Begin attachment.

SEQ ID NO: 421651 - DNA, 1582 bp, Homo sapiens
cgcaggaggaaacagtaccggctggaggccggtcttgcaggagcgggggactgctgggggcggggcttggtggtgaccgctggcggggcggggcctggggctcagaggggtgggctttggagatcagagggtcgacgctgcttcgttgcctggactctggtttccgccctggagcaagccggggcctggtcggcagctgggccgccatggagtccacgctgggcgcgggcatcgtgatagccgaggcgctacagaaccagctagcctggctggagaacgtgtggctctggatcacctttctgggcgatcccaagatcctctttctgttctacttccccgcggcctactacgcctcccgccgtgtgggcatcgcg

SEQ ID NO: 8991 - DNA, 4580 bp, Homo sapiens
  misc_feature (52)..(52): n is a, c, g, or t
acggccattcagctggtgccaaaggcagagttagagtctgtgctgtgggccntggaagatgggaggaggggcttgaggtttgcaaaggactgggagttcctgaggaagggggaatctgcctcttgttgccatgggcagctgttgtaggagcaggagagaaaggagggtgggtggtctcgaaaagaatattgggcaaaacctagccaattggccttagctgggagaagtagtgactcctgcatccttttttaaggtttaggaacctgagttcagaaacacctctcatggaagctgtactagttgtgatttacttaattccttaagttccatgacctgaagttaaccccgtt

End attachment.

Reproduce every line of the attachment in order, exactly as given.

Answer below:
SEQ ID NO: 421651 - DNA, 1582 bp, Homo sapiens
cgcaggaggaaacagtaccggctggaggccggtcttgcaggagcgggggactgctgggggcggggcttggtggtgaccgctggcggggcggggcctggggctcagaggggtgggctttggagatcagagggtcgacgctgcttcgttgcctggactctggtttccgccctggagcaagccggggcctggtcggcagctgggccgccatggagtccacgctgggcgcgggcatcgtgatagccgaggcgctacagaaccagctagcctggctggagaacgtgtggctctggatcacctttctgggcgatcccaagatcctctttctgttctacttccccgcggcctactacgcctcccgccgtgtgggcatcgcg

SEQ ID NO: 8991 - DNA, 4580 bp, Homo sapiens
  misc_feature (52)..(52): n is a, c, g, or t
acggccattcagctggtgccaaaggcagagttagagtctgtgctgtgggccntggaagatgggaggaggggcttgaggtttgcaaaggactgggagttcctgaggaagggggaatctgcctcttgttgccatgggcagctgttgtaggagcaggagagaaaggagggtgggtggtctcgaaaagaatattgggcaaaacctagccaattggccttagctgggagaagtagtgactcctgcatccttttttaaggtttaggaacctgagttcagaaacacctctcatggaagctgtactagttgtgatttacttaattccttaagttccatgacctgaagttaaccccgtt